Article seen on Thestar.com
September 13, 2016 - Lisa Wright
Gwen McGuire is not a wine snob, but she really knows her vino.
In the past year alone, the Toronto communications professional has toured and sipped her way through all three of Canada’s key wine-producing regions: Niagara, Prince Edward County, and the Okanagan Valley.
“I’m really picky about wine, but I like to mix it up a little bit,” says McGuire, who is in her early 30s.
The Toronto resident prefers Old World reds, particularly from France, with notes of cedar and spice. But she’s opening up her palate to some refreshing whites and rosés now that she’s a decade into her grape escapes.
“It’s an activity. It’s about the shared experience and the lifestyle,” she says.
The LCBO says millennial-aged customers like McGuire are fuelling a head-spinning surge in wine sales. Ontarians slurped back $1.96 billion in wine last year, a 5.4 percent increase over the year before. And the booze retailer sold $456 million in Ontario wine — an 8 percent hike over the previous year.
According to the Wine Market Council, millennials accounted for 42 percent of all wine consumed last year in the U.S., and the LCBO says it’s seeing the same trend anecdotally in Ontario (the retailer does not track sales by demographic).
“Quite simply, they are a big and important generation, and by 2020 they’ll make up 40 percent of all working-aged Canadians,” says Kerri Dawson, vice president of marketing at LCBO.
And they’re a thirsty bunch. Of the 3.4 million millennials in Ontario, 2.6 million consume alcohol, she said.
While some university-aged millennials are going to keg parties and pounding shots, those in their mid-20s to mid-30s are seeking more of an experience when imbibing, she says.
Dawson notes they’ve adapted to wine culture faster than their baby boomer parents because they were exposed to it sooner. One-quarter of them spend over $20 on a bottle of wine, she said.
“They like experimenting, and they’re curious to try new things. It’s a badge of honor for them to know varietals,” she says.
The LCBO is now gearing more of its marketing toward this discerning generation. The booze retailer is pairing up with winemakers this fall to bring Ontario VQA wines to music festivals and bridal shows, starting with the Toronto Urban Roots Fest on the Fort York grounds from Sept. 16 to 18.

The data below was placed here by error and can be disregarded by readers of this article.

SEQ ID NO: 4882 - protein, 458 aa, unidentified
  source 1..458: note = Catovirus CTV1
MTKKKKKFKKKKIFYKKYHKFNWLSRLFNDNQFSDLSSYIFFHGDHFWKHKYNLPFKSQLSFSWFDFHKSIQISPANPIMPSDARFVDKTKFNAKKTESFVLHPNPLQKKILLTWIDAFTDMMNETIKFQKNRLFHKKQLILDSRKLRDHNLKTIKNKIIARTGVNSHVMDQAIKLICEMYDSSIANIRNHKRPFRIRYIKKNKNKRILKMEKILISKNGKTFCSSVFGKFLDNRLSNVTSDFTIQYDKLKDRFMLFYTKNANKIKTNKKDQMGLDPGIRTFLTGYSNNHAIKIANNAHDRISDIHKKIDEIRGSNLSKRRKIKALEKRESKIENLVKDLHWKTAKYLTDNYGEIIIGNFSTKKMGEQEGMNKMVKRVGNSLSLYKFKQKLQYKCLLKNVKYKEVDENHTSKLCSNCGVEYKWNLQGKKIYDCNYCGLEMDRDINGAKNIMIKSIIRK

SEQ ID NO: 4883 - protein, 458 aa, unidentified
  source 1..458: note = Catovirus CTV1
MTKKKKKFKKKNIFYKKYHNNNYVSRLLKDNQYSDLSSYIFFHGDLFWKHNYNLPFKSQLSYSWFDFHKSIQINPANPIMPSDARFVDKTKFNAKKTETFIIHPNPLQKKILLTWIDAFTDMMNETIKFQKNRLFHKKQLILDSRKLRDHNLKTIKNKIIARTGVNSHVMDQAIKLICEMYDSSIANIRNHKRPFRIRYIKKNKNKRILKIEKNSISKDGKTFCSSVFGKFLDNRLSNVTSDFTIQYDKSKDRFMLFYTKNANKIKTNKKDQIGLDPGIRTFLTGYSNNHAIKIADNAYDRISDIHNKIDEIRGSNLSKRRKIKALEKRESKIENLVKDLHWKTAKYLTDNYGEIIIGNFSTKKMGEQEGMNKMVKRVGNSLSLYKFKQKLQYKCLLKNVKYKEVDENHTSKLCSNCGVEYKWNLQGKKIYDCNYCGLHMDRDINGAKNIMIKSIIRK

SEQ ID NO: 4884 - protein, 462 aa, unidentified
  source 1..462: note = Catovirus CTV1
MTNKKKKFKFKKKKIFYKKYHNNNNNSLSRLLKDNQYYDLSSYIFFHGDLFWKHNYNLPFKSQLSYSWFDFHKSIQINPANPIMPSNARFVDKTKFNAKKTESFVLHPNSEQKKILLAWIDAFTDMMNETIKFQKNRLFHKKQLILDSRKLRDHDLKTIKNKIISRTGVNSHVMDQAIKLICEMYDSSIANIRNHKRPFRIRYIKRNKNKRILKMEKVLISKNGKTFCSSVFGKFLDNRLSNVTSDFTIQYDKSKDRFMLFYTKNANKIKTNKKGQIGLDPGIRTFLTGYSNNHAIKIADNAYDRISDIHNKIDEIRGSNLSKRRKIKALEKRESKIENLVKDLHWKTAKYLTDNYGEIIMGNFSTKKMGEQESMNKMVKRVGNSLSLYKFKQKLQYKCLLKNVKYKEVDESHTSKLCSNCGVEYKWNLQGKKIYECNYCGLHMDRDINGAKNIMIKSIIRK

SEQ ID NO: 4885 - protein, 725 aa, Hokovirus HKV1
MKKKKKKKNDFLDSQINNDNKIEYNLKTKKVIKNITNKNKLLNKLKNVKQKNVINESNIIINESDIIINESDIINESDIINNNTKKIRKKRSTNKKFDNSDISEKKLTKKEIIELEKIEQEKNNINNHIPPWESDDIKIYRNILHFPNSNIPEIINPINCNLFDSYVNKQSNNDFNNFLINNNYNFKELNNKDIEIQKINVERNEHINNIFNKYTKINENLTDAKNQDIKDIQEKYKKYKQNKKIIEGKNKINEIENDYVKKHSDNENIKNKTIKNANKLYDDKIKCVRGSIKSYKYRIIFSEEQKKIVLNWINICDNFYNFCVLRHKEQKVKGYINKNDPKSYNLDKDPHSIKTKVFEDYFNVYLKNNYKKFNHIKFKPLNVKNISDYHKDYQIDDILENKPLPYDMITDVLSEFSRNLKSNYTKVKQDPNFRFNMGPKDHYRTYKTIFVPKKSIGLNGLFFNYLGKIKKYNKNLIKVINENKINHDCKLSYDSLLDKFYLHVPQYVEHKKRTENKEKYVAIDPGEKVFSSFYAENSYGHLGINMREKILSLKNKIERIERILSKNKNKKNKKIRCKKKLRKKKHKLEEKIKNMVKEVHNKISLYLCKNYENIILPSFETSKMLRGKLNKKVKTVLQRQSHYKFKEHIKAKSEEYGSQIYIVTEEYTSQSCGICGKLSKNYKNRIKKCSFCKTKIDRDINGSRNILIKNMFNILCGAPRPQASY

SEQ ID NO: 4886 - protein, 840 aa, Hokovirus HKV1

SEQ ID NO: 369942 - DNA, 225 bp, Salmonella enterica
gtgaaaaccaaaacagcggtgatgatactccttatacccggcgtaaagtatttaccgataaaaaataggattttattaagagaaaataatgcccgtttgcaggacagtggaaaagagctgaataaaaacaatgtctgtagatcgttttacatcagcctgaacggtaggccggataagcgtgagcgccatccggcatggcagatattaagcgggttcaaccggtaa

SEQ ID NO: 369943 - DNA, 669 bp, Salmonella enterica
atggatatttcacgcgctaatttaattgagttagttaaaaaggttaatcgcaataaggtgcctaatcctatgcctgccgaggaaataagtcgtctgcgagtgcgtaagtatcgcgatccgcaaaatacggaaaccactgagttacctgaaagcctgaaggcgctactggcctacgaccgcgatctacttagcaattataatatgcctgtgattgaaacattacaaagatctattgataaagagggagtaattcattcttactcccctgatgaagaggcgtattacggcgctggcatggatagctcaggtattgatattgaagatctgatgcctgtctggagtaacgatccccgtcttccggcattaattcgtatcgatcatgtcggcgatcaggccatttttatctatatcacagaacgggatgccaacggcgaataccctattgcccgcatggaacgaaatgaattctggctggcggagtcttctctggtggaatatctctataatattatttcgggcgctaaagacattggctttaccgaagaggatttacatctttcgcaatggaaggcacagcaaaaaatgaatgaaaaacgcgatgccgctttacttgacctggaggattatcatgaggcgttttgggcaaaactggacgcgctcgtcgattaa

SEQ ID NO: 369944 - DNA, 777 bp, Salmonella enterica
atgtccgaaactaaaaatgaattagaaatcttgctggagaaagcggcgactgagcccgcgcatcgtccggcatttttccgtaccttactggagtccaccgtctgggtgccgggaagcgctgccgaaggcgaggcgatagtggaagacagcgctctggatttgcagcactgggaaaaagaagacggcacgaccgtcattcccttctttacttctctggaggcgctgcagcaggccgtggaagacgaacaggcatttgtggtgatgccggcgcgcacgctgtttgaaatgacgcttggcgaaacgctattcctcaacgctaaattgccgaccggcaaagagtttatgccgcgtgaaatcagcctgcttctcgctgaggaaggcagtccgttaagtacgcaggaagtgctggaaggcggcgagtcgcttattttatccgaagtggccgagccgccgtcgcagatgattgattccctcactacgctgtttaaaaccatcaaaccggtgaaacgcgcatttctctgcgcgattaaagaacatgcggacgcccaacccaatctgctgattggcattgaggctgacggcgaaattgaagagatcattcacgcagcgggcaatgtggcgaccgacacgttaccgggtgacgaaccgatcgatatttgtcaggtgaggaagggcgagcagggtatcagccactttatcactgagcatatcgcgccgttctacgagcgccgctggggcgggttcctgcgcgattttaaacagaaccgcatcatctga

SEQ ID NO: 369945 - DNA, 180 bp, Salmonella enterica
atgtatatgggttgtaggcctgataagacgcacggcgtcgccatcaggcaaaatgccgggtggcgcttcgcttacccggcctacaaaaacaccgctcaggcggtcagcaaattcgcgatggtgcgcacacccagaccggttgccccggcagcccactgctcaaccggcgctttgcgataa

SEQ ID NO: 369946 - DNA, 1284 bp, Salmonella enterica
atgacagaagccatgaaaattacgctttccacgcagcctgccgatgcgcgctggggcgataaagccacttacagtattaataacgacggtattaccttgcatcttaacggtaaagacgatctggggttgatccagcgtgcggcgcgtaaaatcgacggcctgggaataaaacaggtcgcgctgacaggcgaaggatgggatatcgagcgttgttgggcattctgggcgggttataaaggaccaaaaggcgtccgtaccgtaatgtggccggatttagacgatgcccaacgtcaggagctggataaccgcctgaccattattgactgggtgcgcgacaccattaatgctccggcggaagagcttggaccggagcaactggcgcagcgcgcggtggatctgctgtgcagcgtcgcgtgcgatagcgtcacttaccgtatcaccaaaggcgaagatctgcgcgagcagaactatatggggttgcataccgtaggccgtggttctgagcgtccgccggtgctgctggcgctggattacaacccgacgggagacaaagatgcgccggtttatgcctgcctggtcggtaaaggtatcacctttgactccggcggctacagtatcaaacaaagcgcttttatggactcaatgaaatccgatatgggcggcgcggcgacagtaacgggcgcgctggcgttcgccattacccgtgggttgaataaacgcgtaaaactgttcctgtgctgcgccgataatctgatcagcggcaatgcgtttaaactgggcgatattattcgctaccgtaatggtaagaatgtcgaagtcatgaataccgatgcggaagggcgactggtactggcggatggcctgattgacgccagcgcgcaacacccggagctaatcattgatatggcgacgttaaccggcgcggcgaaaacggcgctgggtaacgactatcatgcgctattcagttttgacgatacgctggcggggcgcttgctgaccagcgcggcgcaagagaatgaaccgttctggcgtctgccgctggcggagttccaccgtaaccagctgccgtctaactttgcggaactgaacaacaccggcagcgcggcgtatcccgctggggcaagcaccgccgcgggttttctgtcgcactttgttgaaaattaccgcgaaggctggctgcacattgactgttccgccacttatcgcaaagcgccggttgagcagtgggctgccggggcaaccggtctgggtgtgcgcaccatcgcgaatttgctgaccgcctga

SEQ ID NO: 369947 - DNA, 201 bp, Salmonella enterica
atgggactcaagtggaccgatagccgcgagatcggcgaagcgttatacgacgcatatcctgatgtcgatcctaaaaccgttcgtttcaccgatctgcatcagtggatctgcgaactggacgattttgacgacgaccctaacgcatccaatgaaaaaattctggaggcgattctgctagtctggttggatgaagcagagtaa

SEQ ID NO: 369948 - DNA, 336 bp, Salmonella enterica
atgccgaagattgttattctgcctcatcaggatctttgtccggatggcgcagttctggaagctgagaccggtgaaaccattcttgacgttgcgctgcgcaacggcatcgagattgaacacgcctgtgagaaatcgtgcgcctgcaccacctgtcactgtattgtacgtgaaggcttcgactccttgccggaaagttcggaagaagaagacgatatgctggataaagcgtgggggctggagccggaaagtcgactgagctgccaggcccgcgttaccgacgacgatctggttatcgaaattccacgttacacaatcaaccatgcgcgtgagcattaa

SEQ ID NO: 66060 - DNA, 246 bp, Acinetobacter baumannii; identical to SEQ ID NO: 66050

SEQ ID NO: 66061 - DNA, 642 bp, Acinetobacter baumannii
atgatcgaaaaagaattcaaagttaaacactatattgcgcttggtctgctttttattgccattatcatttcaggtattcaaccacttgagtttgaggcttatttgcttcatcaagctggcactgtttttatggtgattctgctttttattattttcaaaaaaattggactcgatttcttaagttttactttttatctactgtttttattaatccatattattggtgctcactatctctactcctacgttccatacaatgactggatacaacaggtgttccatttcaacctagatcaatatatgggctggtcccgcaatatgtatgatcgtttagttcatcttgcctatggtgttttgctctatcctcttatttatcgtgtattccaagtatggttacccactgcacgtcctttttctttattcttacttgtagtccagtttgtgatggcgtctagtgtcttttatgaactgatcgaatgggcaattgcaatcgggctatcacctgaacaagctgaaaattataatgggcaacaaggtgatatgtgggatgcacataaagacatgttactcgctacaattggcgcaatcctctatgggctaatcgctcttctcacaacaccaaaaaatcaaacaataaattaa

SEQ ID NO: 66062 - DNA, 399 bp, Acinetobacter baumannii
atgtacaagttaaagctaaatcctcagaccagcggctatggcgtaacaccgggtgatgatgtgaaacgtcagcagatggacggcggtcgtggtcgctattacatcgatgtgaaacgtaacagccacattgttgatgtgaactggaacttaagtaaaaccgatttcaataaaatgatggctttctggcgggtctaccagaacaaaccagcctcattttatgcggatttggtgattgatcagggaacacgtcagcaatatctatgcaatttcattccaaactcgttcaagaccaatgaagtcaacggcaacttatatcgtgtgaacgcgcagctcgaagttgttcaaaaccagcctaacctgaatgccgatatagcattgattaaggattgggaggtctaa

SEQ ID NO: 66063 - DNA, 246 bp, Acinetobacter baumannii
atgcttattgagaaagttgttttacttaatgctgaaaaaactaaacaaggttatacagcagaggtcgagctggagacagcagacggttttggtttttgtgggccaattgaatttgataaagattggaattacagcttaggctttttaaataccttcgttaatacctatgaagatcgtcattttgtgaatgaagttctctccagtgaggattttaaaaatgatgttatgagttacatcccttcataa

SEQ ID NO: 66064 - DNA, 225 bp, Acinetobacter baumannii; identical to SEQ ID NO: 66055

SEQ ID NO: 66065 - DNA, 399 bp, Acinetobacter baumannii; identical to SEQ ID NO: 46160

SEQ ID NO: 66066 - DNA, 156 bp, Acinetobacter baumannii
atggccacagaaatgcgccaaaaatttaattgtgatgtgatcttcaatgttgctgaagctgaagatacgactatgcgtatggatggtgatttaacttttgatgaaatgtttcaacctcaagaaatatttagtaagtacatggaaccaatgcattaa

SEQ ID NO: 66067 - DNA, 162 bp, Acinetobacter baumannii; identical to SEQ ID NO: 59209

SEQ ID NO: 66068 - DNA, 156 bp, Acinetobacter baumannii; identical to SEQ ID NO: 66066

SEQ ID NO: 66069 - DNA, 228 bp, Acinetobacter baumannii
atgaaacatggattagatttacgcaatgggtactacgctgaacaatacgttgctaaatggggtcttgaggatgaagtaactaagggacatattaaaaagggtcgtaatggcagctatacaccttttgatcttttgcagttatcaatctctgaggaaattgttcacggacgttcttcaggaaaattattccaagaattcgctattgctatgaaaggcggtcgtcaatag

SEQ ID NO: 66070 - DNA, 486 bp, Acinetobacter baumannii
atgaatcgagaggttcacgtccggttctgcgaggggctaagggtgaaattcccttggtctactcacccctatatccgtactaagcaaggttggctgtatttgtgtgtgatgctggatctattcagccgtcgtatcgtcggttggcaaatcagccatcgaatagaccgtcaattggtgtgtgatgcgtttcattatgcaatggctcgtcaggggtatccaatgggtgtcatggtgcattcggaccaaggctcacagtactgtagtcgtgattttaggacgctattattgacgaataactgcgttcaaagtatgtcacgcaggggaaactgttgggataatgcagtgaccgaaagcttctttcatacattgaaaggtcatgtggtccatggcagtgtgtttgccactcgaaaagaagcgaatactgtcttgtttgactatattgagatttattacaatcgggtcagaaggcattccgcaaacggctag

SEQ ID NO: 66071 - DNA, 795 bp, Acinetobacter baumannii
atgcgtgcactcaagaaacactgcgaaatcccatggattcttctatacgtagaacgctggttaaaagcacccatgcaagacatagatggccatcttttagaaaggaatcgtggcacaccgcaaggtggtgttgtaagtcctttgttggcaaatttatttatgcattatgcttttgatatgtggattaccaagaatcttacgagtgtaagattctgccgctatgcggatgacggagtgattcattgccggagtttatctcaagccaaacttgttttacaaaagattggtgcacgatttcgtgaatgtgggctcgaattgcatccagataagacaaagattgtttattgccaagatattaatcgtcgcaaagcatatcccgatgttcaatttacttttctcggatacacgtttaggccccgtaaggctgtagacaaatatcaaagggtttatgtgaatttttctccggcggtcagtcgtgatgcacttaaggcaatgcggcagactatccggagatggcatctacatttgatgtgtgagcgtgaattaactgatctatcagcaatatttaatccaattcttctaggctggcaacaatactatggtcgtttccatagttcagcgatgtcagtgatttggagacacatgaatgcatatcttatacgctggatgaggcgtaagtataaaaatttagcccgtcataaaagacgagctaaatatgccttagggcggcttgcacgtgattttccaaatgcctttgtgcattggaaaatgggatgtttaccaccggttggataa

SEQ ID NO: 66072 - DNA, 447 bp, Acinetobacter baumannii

The liquor board says it’s trying to appeal to a “young, hip” crowd by promoting Ontario wines from Chardonnays and Rieslings to Merlots and Pinot Noirs, and by having taste tests to see if the people in attendance know which varietals they’re drinking — for prizes, and for bragging rights.
“They’re definitely interested in spending their money, and they need the guidance,” notes LCBO product consultant Victor Borja-Sheen, pointing to the massive selection in the Vintages aisles.
He sees a lot of millennials “trading up” in wines beyond the $15-a-bottle range, and not batting an eye in purchasing $20-plus bottles. (About 40 percent of the LCBO’s wine business is still in brands retailing for $10.95 a bottle or less.)
The 40-year-old recommends all his favorites on his twitter page, @TorontoVino, which has 16,000 followers. The wine expert also credits Instagram and social media generally with the popularity of wine among younger drinkers.
“Everything is visual. You want to invest in that lifestyle,” he says.
McGuire personifies the trend. “I only go 100 per cent straight to the Vintages section” of the LCBO, she says, and typically drops $20 to $30 on a bottle to enjoy with friends.
Though most wine is purchased by women, it’s also becoming more accessible to men, who are the target market for different formats, such as wine in a can, a growing trend in the U.S. and overseas that’s expected to catch on in Canada.
“Sometimes, customers hesitate to open a full bottle of sparkling wine for what they consider to be only a ‘minor’ celebration,” says Astrid Brummer, LCBO’s acting category manager of Ontario wines. “Having small serving cans makes it convenient to celebrate anything, anytime.”
In particular, the LCBO is finally starting to see rosé wine take off, not just with a younger demographic but with men, too (it’s sometimes referred to as “brosé”).
“It’s far removed from what people think it is,” says Marcel Morgenstern, director of sales at PondView Estate Winery in Niagara-on-the-Lake, Ont.
They have a dry cabernet franc rosé out this summer, which is the season for the pinkish drink. PondView has steadily increased rosé production since launching in 2009 due to growing consumption, he says.
The LCBO says rosé wine sales have jumped 17 per cent to $46 million in the last two years.
The negative perception men once had of sipping a pink-hued wine is slowly shedding, the way it eventually did for champagne, says Morgenstern, adding: “These are serious wines.”
Meanwhile, the LCBO has noticed sherry is having its moment, too, especially in bars, as the beverage shakes off the image of being too sweet and mainly suitable for cooking. Sherry sales are up almost 10 percent in the last two years, to $2.7 million.
The retailer is holding a “Sherry Shakeup” event on Sept. 27 at the Gladstone Hotel, where winemakers and mixologists will pour premium sherry styles solo, in cocktails and with tapas for $75 per person.
Wine by the numbers
2.6 million: Millennial-aged Ontarians who consume alcohol
$1.96 billion: LCBO wine sales last year
17 percent: Jump in rosé wine sales over the last two years
10 percent: Jump in sherry sales over last two years
$10.95 and under: Price of the bottle that 40 percent of the LCBO’s wine customers buy